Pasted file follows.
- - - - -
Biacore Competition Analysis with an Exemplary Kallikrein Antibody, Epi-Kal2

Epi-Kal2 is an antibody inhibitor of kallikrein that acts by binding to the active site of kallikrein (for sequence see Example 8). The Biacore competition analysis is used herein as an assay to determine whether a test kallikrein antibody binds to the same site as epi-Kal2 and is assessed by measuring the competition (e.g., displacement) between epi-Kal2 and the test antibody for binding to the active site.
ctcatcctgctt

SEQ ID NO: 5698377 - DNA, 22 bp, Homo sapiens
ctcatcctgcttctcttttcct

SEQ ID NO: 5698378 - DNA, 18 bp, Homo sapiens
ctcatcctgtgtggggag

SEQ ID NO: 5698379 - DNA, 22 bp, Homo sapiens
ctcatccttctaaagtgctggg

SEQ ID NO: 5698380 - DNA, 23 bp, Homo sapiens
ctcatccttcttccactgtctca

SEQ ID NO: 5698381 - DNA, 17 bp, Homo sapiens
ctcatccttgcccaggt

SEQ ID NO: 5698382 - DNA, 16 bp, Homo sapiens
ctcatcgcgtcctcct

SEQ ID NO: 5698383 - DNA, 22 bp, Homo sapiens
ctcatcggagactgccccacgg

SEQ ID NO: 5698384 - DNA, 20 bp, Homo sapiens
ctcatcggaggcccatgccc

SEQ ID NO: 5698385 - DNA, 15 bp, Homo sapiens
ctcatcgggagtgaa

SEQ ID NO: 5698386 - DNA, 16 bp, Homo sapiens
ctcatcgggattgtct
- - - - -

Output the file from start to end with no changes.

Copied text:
Biacore Competition Analysis with an Exemplary Kallikrein Antibody, Epi-Kal2

Epi-Kal2 is an antibody inhibitor of kallikrein that acts by binding to the active site of kallikrein (for sequence see Example 8). The Biacore competition analysis is used herein as an assay to determine whether a test kallikrein antibody binds to the same site as epi-Kal2 and is assessed by measuring the competition (e.g., displacement) between epi-Kal2 and the test antibody for binding to the active site.
ctcatcctgctt

SEQ ID NO: 5698377 - DNA, 22 bp, Homo sapiens
ctcatcctgcttctcttttcct

SEQ ID NO: 5698378 - DNA, 18 bp, Homo sapiens
ctcatcctgtgtggggag

SEQ ID NO: 5698379 - DNA, 22 bp, Homo sapiens
ctcatccttctaaagtgctggg

SEQ ID NO: 5698380 - DNA, 23 bp, Homo sapiens
ctcatccttcttccactgtctca

SEQ ID NO: 5698381 - DNA, 17 bp, Homo sapiens
ctcatccttgcccaggt

SEQ ID NO: 5698382 - DNA, 16 bp, Homo sapiens
ctcatcgcgtcctcct

SEQ ID NO: 5698383 - DNA, 22 bp, Homo sapiens
ctcatcggagactgccccacgg

SEQ ID NO: 5698384 - DNA, 20 bp, Homo sapiens
ctcatcggaggcccatgccc

SEQ ID NO: 5698385 - DNA, 15 bp, Homo sapiens
ctcatcgggagtgaa

SEQ ID NO: 5698386 - DNA, 16 bp, Homo sapiens
ctcatcgggattgtct